Tag Archives: Aleksandr Glazunov

Schubert / Symphony No. 8 in B minor, D. 759 “Unfinished” (Mackerras): make music part of your life series



FROM:

Schubert / Symphony No. 8 in B minor, D. 759 “Unfinished” (Mackerras)

Franz Schubert (1797-1828)

Symphony No. 8 in B minor, D. 759 “Unfinished” (1822):
1. Allegro moderato – 00:00
2. Andante con moto – 13:32

***Performed by Charles Mackerras and the Orchestra of the Age of Enlightenment (1990).

***Painting: Wanderer in the Storm, Karl Julius von Leypold

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Aleksandr Glazunov: Symphony no.6 op.58 (Gennadij Rozhdestvenskij, conductor): make music part of your life series


Aleksandr Glazunov: Symphony no.6 op.58 (Gennadij Rozhdestvenskij, conductor)

Parts/Movements

  1. Adagio – Allegro passionato
  2. Tema con varazioni
  3. Intermezzo. Allegretto
  4. Finale. Andante maestoso

Review :

While the Symphony No. 6 in C minor, Op. 58, of 1896 by Alexander Glazunov is not the most personally characteristic of his eight completed symphonies — the optimistic Third or the Olympian Fifth are more typical of his confident symphonic aesthetic — it is arguably the most typically Russian of his symphonies. Part of the reason for this is the scoring — violins in octaves above massed brass at its climaxes à la Tchaikovsky and gorgeously colorful woodwind writing in its central movements — part of it is the themes — ardent and powerful with a yearning quality characteristic of fin de siècle Russian symphonies — but most of it is the furious tone of the opening movement.
******With the darkly unfolding Adagio leading into a Allegro appassionato that balances a passionately despairing first theme with a fervently supplicating second theme, Glazunov’s Sixth sounds like a Russian symphony composed after the death of Tchaikovsky. But the Sixth is more than the work of a symphonic epigone. While the tone of the opening movement sounds typically Russian, its chromatic melodic and cogent harmonic structure makes it sound much more modern than contemporary symphonies by Kalinnikov or even Rachmaninov. Even more modern are the Sixth’s second and fourth movements.
******The second movement is a theme and seven variations that slowly transmutes the tone of the symphony from the fury of the opening movement to one of calm acceptance.
******The brief third-movement Intermezzo that precedes the Finale is lighter in tone than anything else in the symphony.
******The Finale itself is one of Glazunov’s most successful closing movements. With its magisterial Andante maestoso introduction announcing the chorale theme that will ultimately cap the movement, its highly contrasted themes — the first confidently striding in the winds Moderato maestoso, the second a lilting Scherzando theme for the flutes, horns, and strings — the Finale seems at first too episodic to cohere. Glazunov’s superb technical skills, however, form all the Finale’s material into an organic whole and the tone of the Finale — powerfully positive — is altogether Glazunov’s own. ~ James Leonard, Rovi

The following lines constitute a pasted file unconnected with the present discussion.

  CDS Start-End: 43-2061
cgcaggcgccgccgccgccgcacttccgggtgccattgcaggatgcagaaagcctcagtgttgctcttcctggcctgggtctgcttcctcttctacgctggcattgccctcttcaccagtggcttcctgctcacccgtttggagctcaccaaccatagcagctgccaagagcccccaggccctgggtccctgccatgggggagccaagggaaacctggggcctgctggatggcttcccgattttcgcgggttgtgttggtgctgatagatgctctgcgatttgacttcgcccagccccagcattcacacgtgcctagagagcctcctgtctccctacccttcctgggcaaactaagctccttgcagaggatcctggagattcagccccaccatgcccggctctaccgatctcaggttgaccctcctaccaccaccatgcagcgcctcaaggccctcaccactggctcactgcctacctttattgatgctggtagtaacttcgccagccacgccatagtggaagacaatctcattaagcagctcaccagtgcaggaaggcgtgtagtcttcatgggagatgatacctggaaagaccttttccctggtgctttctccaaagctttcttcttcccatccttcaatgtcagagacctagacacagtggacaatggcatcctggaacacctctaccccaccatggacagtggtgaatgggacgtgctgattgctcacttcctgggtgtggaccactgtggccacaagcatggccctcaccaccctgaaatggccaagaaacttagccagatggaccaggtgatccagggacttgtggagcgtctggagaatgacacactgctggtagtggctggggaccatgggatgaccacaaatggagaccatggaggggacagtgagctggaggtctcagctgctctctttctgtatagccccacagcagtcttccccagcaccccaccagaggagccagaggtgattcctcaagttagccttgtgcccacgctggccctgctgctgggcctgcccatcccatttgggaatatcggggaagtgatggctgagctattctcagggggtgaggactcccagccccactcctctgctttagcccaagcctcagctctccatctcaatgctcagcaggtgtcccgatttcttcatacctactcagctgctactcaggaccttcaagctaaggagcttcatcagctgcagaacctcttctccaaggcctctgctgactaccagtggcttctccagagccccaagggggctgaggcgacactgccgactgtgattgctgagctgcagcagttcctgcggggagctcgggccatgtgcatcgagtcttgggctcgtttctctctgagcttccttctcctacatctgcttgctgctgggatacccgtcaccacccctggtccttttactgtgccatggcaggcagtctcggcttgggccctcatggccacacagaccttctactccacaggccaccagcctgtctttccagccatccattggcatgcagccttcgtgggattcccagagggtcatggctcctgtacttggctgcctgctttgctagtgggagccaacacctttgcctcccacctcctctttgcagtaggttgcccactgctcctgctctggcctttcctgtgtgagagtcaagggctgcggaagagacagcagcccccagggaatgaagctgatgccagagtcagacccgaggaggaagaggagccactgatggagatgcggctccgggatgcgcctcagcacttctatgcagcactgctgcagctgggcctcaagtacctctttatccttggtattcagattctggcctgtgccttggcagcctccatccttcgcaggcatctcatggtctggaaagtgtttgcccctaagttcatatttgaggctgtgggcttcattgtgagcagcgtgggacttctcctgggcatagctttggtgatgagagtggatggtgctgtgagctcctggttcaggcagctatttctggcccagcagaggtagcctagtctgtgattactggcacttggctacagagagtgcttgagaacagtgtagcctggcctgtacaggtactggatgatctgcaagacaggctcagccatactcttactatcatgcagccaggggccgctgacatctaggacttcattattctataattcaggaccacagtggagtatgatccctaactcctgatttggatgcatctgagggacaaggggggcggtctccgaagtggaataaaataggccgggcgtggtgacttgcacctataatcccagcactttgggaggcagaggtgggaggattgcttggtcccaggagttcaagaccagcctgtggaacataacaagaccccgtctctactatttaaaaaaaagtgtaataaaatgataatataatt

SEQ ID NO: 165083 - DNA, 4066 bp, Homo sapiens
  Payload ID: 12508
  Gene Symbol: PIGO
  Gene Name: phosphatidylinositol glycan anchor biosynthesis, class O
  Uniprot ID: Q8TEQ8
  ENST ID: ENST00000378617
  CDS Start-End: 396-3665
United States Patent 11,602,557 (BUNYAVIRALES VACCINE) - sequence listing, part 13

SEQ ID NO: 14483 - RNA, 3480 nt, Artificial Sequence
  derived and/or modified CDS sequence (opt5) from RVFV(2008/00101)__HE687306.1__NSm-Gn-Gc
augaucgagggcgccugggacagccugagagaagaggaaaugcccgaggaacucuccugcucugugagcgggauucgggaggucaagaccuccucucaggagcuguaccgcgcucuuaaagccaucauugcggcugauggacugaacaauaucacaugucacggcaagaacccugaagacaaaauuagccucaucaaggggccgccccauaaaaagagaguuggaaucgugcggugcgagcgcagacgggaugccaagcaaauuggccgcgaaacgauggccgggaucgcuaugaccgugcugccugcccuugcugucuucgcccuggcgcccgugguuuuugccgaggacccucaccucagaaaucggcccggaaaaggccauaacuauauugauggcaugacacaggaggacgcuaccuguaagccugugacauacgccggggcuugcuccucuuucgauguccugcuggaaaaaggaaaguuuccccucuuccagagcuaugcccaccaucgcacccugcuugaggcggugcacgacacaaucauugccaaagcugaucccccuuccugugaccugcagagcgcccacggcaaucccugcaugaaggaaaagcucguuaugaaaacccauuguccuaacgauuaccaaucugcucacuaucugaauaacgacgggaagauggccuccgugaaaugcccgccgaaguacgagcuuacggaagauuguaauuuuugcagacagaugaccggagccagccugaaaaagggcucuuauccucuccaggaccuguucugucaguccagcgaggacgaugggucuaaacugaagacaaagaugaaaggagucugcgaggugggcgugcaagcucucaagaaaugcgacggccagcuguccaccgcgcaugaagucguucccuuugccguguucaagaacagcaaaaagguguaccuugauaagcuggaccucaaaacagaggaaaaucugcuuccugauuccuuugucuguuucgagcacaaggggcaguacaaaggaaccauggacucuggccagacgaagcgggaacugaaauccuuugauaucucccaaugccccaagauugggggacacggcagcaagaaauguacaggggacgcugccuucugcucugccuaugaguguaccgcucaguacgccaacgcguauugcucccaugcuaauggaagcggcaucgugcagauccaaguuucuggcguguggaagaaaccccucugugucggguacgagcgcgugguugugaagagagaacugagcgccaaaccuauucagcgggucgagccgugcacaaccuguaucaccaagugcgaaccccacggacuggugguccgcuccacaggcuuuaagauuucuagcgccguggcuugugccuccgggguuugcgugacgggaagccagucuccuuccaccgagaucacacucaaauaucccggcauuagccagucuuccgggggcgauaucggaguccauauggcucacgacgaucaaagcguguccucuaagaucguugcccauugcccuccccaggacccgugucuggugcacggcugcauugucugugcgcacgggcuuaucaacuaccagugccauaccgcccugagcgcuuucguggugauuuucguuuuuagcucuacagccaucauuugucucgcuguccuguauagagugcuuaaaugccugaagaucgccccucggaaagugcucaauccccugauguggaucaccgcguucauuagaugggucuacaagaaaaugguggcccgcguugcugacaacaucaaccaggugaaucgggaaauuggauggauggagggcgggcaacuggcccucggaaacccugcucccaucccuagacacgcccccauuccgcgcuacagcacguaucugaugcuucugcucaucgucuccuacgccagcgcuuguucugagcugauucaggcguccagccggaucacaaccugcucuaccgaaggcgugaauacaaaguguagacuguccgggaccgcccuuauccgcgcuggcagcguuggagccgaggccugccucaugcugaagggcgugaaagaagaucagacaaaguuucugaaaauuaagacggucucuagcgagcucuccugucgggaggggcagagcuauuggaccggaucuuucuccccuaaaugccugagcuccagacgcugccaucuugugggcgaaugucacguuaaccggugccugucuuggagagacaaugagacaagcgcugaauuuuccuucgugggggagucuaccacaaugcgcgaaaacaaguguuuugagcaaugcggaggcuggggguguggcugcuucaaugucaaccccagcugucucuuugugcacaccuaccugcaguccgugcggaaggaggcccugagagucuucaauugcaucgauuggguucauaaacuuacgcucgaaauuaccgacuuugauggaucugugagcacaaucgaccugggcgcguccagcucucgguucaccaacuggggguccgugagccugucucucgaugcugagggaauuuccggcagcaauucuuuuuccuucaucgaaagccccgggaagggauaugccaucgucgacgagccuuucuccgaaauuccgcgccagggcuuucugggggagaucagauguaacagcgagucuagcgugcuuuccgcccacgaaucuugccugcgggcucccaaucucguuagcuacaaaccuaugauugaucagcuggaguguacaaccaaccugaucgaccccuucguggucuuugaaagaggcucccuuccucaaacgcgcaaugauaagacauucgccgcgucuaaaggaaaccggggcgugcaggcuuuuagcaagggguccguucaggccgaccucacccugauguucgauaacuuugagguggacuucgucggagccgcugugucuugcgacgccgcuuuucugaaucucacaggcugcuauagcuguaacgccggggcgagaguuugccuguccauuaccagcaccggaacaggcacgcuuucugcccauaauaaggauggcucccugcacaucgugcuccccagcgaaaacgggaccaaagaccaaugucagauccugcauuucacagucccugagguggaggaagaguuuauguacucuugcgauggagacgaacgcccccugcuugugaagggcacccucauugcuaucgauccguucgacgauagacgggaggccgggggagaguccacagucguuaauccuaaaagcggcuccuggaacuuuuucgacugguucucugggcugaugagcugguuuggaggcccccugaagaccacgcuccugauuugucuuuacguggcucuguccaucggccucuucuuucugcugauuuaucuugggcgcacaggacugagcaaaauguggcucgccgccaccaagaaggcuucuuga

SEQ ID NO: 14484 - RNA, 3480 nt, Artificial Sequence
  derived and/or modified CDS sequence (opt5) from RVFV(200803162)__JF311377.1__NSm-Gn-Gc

Read more:
               http://www.answers.com/topic/symphony-no-6-in-c-minor-op-58#ixzz3AkekJ1oA

               http://www.bbc.co.uk/music/artists/5a0988a4-695c-4bff-bc68-4f312427495e.html
              http://www.allmusic.com/composition/symphony-no-6-in-c-minor-op-58-mc0002366895

 

Glazunov – The Seasons Op.67 Autumn:Petit Adagio



Prominent Russians: Aleksandr Glazunov

August 10, 1865 – March 21, 1936
Фотограф Альфред Федецкий. Портрет русского композитора и дирижёра Александра Константиновича Глазунова. Фотография. Харьков. 1899гPortrait photo of Aleksandr Glazunov taken by Alfred Fedetsky. 1899, Kharkov, Ukraine

Aleksandr Glazunov was a Russian composer, professor and rector of the St. Petersburg Conservatory. His works of the late Russian Romantic period reconciled nationalism and cosmopolitanism in Russian music.

Child musical prodigy

Glazunov was born into a wealthy merchant family – his father was a prominent publisher and book trader in St. Petersburg. Glazunov’s mother was a good pianist and had a major influence on Aleksandr’s music education. She hired the best piano teachers for her son. To her great satisfaction, Glazunov was an eager student and as early as 13 he revealed a great talent for composition. In 1879 he met Mily Balakirev, one of the founders of the Russian nationalist school of composers known as The Five or The Mighty Handful.

Impressed by Glazunov’s talent, Balakirev recommended him to Nikolai Rimsky-Korsakov, a composer and a member of The Five. Rimsky-Korsakov took it upon himself to teach Glazunov the theory of composition, harmony and instrumental accompaniment. Glazunov was a bright student and was able to cover the whole Conservatory program in just a year and a half.

Glazunov composed his first symphony at the age of 16, which was first played at a free school concert. It was also later performed at the Moscow Exhibition, conducted by Rimsky-Korsakov. Glazunov’s symphony was very well received and was followed by other works, which were just as fine as his first piece.

Glazunov with Fedor Chaliapin and Vladimir Stasov

Glazunov with Fedor Chaliapin and Vladimir Stasov
Portrait of the composer Alexander Konstantinovich Glazunov. Portrait of Alexander Glazunov.

 

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